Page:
Over the past few months, Antenna contributors have been writing about Mad Men, each from their own perspective. These have been diverse writings, covering a wide range of topics of academic interest, and what makes Mad Men such an interesting series is that nearly every episode can be approached with any one of these topics.
Take, for example, “Tomorrowland.” The fourth season finale is likely going to be a polarizing episode in terms of audience response, taking Don Draper in what some may view as a self-destructive direction, but in constructing those moments Weiner does little to change the series’ rich thematic tapestry. While I initially felt as if the finale’s marginalization of Sterling Cooper Draper Pryce and their predicament kept it from truly wrapping up the season, in thinking about the approaches taken throughout this project I realized that it is more cohesive than I imagined.
While the agency may have been marginalized in the episode, my response to the Topaz account was still influenced by Devon Powers’ look at the state of advertising in the 1960s.
When the show lost its one prominent recurring minority in Carla, Don and Betty’s nanny, I thought back to pieces from LeiLani Nishime, Allison Perlman and particularly Kristen Warner (who focused specifically on Blackness and Carla’s role in the series) which dealt with the role of race within the series.
My attention to Megan’s attire during the Los Angeles scenes may have been initially trivial, but as that story developed I considered her fashion in light of Elana Levine’s analysis of the fashioning of femininity.
As Don” fell in love” with Megan, I thought both on Jennifer Clark’s discussion of masculine detachment (and his decision to attach himself to Megan in particular) and Joe Wlodarz’s investigation of the eroding barriers between the personal and the professional (which seems apt considering he is marrying his secretary).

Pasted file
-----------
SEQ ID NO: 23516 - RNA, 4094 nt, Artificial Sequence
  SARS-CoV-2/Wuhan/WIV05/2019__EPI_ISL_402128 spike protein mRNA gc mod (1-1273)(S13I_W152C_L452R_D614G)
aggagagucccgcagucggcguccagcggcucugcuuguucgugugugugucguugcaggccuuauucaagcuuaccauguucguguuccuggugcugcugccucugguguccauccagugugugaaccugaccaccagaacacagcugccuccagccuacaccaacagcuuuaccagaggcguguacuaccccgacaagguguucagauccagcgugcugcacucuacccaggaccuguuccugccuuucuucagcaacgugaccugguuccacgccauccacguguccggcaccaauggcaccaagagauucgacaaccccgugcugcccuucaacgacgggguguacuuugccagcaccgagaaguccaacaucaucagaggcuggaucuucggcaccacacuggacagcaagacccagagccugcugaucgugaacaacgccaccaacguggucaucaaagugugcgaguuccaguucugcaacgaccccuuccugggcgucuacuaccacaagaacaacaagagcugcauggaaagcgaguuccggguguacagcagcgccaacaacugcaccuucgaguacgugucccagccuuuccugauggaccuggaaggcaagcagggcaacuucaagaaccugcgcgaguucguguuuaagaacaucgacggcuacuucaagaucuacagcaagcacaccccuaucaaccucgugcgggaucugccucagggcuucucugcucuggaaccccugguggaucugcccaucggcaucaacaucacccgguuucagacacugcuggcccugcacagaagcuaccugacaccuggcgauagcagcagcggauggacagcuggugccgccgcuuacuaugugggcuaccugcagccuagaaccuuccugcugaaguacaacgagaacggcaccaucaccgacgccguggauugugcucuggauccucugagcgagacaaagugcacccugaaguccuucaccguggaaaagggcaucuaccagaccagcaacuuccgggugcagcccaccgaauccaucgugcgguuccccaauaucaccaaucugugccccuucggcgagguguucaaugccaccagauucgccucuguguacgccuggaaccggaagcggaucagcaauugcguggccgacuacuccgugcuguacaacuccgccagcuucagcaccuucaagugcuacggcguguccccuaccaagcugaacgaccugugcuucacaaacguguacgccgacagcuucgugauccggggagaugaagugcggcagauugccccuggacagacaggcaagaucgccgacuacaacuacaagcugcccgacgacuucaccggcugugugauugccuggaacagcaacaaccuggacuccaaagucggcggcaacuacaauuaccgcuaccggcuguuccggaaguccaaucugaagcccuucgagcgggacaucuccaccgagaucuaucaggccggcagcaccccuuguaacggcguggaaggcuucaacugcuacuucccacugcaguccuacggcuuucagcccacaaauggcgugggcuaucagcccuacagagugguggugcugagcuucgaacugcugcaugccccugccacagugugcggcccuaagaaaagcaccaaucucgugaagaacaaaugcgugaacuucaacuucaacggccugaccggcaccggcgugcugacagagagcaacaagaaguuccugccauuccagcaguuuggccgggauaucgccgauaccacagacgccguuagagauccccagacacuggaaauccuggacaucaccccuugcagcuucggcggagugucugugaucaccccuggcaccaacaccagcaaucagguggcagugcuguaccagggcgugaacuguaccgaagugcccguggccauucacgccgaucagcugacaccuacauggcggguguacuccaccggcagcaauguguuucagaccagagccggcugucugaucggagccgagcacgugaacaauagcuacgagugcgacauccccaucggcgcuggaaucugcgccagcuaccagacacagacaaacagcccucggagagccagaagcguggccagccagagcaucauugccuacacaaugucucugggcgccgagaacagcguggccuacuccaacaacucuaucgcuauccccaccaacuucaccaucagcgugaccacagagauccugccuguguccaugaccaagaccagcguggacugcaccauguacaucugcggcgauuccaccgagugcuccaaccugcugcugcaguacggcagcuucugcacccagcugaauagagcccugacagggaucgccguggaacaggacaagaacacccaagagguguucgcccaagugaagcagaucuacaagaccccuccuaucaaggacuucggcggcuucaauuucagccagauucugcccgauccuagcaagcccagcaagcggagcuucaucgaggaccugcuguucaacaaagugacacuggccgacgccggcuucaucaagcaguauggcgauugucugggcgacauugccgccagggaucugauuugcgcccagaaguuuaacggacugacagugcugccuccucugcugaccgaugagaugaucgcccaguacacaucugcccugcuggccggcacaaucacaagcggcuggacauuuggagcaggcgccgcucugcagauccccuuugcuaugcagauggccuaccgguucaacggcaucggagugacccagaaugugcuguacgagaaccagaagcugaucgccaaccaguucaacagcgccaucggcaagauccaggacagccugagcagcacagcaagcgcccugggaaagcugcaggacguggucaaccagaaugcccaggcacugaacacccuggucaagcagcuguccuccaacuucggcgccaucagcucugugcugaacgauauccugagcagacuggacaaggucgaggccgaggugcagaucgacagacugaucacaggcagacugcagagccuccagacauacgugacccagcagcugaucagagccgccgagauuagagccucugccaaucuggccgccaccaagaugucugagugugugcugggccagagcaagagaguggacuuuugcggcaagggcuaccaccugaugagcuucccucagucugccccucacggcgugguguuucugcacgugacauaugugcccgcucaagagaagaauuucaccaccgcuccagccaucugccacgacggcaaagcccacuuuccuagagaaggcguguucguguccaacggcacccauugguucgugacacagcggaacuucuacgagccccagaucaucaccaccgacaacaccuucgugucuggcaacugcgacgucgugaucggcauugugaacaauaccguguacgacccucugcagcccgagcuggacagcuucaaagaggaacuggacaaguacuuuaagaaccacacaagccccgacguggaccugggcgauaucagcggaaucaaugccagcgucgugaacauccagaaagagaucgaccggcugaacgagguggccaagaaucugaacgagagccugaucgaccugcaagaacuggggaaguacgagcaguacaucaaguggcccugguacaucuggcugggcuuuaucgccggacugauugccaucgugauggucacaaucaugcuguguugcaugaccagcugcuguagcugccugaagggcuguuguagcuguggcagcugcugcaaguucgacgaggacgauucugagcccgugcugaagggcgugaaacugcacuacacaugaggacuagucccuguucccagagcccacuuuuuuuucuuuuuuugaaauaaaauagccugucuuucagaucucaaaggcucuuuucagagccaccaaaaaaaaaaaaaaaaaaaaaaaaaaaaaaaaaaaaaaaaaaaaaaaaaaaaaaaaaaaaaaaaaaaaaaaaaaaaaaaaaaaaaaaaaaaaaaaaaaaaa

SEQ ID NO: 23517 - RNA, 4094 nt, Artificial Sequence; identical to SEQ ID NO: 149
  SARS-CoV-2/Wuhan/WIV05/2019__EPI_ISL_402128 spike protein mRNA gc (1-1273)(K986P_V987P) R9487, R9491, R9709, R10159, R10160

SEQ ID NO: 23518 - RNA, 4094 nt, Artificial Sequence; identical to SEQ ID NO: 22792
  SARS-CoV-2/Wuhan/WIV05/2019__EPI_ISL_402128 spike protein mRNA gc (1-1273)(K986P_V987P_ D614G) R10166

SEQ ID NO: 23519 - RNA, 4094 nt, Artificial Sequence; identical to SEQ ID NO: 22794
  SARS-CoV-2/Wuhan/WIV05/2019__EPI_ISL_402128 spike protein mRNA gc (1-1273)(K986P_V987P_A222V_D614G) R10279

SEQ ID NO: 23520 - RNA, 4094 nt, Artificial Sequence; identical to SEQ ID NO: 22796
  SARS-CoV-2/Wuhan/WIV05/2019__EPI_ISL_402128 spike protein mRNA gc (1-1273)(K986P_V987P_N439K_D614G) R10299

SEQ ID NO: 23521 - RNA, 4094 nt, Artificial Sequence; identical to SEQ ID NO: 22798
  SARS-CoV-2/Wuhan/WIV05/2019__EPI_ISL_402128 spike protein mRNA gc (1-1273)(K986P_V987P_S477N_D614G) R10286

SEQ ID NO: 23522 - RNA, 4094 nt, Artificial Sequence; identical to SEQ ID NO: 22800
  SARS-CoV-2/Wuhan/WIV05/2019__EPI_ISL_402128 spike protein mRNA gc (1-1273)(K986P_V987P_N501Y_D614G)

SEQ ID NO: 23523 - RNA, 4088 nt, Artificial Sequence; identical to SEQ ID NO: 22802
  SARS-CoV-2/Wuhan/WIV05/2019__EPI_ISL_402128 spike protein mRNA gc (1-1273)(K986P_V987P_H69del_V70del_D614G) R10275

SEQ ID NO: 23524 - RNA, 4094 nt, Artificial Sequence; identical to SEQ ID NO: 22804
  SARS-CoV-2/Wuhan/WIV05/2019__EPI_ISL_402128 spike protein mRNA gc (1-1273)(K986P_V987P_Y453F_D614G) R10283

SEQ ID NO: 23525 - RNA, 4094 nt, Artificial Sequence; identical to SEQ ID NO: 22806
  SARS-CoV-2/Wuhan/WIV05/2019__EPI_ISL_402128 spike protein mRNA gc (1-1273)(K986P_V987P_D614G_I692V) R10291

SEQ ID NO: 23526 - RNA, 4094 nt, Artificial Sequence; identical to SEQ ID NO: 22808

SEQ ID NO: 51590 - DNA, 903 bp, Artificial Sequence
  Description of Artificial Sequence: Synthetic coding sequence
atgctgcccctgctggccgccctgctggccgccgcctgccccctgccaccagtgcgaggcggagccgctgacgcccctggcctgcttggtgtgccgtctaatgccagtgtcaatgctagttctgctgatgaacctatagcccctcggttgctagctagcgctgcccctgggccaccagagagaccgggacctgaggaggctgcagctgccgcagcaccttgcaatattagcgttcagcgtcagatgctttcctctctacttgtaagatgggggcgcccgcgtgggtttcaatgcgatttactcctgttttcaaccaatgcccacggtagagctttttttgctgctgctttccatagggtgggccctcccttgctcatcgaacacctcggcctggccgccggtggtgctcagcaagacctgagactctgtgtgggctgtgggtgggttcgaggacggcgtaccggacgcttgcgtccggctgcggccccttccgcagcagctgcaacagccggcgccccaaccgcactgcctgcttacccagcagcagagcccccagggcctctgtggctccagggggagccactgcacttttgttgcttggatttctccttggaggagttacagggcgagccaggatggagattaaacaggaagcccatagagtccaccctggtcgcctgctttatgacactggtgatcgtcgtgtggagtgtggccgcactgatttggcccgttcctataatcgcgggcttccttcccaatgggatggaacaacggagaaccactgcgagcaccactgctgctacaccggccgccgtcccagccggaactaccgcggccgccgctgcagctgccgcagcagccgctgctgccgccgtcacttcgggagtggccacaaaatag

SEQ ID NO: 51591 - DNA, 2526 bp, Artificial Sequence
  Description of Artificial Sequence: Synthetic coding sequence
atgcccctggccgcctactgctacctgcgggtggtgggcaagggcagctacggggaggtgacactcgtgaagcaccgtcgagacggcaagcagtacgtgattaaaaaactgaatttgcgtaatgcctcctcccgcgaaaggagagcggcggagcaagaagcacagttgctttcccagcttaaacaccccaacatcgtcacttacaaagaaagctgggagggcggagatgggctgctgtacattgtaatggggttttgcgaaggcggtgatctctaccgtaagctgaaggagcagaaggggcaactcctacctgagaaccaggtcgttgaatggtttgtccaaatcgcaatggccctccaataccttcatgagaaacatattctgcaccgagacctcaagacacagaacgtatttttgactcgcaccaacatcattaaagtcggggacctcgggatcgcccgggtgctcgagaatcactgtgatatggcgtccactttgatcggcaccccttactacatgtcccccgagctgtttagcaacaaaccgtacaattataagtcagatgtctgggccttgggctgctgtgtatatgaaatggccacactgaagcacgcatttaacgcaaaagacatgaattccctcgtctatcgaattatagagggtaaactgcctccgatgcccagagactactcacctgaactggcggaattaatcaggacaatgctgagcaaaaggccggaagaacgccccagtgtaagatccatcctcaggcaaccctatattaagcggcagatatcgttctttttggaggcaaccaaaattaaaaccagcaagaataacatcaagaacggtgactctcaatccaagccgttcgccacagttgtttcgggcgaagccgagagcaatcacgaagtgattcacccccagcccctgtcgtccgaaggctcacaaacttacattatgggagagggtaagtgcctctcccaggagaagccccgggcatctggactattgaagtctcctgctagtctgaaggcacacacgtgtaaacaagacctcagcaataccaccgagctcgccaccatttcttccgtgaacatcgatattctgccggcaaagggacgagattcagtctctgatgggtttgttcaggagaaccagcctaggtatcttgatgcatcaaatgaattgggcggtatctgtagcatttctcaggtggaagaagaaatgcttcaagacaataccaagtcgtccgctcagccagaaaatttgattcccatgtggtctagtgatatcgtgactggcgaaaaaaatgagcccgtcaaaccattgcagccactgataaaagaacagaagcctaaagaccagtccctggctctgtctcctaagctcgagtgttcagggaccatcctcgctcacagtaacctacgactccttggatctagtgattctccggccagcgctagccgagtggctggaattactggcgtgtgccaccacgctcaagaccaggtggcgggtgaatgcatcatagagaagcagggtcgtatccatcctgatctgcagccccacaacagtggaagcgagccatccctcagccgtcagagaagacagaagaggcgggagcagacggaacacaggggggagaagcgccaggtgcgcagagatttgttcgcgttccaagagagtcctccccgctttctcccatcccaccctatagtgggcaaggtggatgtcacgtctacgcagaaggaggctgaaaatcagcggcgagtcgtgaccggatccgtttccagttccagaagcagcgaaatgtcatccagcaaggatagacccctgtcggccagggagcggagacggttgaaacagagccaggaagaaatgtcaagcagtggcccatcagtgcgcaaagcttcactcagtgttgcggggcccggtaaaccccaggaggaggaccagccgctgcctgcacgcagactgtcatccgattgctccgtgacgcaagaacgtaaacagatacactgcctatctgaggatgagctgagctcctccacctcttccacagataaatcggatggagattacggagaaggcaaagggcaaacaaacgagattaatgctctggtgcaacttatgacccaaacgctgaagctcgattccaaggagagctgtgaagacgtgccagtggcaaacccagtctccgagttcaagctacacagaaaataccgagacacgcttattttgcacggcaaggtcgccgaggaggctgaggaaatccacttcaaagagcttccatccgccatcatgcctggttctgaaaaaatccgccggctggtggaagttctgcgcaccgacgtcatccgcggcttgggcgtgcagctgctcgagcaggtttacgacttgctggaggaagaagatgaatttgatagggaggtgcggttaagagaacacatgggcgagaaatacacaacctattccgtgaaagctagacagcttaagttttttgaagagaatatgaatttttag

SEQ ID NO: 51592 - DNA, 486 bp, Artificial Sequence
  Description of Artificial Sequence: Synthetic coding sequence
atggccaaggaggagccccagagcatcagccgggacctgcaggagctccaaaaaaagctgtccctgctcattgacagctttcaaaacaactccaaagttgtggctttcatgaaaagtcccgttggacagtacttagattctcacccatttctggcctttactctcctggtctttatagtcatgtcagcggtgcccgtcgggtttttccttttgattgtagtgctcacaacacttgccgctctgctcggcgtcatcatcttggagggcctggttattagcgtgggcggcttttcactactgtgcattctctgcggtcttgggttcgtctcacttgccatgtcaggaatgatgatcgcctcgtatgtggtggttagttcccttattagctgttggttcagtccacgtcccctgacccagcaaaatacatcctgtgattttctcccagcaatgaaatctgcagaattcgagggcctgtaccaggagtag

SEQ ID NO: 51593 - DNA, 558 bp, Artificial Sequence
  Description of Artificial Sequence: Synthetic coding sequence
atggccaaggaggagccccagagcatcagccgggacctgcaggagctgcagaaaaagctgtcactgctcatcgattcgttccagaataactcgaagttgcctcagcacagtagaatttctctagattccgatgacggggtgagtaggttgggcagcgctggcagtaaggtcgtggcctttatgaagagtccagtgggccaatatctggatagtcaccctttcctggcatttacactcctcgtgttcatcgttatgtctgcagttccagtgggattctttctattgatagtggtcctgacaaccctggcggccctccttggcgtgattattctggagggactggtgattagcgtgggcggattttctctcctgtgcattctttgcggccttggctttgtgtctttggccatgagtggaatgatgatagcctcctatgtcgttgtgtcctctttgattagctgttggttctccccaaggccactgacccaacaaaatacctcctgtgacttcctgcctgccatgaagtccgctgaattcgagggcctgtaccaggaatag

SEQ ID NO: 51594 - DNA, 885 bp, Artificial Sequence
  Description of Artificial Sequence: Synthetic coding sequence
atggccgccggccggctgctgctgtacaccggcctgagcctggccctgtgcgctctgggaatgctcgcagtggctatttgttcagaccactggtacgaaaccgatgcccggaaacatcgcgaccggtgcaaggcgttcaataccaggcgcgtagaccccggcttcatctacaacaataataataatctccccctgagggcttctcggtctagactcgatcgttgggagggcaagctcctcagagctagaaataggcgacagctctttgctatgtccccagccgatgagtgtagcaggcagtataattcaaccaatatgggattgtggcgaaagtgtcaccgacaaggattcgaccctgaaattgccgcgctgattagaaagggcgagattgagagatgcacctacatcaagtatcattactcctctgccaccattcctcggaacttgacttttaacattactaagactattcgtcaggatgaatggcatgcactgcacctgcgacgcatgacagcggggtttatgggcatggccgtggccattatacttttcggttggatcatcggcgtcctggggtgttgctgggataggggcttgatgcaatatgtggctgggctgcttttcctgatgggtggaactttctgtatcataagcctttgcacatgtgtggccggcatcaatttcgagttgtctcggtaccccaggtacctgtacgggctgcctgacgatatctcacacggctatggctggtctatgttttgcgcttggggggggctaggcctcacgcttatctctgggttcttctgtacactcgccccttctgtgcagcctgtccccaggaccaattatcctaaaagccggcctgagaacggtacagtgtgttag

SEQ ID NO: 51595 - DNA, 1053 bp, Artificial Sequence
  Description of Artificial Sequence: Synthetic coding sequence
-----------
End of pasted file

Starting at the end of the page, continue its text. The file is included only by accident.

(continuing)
As Peggy visited with Joan to gossip about Don and Megan’s engagement, I returned to both Anne Helen Petersen’s take on the role of gossip in the show and Mary Beth Haralovich’s look at how Peggy serves as our guide throughout the series.
As Sonny and Cher’s “I’ve Got You Babe” swelled up during the final scene, I recalled Tim Anderson’s piece on the role popular music plays in the series’ narrative.
And as the episode came to its conclusion, and Twitter lit up with responses, I reflected upon Louisa Stein’s piece on how Mad Men’s fandom operates, and how the show’s unique fan community will respond to the finale’s event.
But, in the end, perhaps the biggest question goes back to Krya Glass von der Osten’s piece which started us off: with hype at an all-time high for the series, did season four live up to our expectations? There is no question that there were some strong individual hours of television, with “The Suitcase” likely one of the series’ best efforts, but the collective season has been more difficult to gauge. Don and the agency have both spent the season in a state of flux, while numerous other characters have had opportunities to move forward but ended up stepping back. After the substantial change created by last season’s finale, the instability of the circumstance it created has made the characters less likely to make any dramatic changes; until Don’s decision to marry Megan, the characters were reacting more than acting, whether it is Joan and Roger’s affair being the result of a mugging attempt or the agency’s collapse being the result of Lucky Strike’s departure.
However, what I find most interesting is those moments trapped between action and reaction: was Don’s New York Times ad a confident action, or a desperate reaction to Lucky Strike’s departure? And was his decision to marry Megan an action to regain control of his life, or a reaction to the short-term stability she offered and its potential role in solving his identity crisis? When we start pondering Don’s motivations, we get trapped in a vicious cycle wherein his true purpose seems hopelessly lost, but this has always been the case. Don’s actions in the finale are just as confounding and complex as they were before, and so we can still frame this finale – as disruptive as it first seemed, to me at least – in the context of previous seasons.
Perhaps what is most telling is that Don Draper did not seem to act out of desperation: while his decision may be sudden, and impulsive, it did not have the sense of fear which has driven previous behavior. And similarly, there is no desperation from Matthew Weiner in “Tomorrowland”: the episode may be eventful, but it never seems as if there is no control over the series’ future. It may not nicely bring all of the season’s themes or storylines to a close, but Mad Men’s fourth season finale offers the promise that those themes and storylines will continue into subsequent seasons, and that’s enough for me.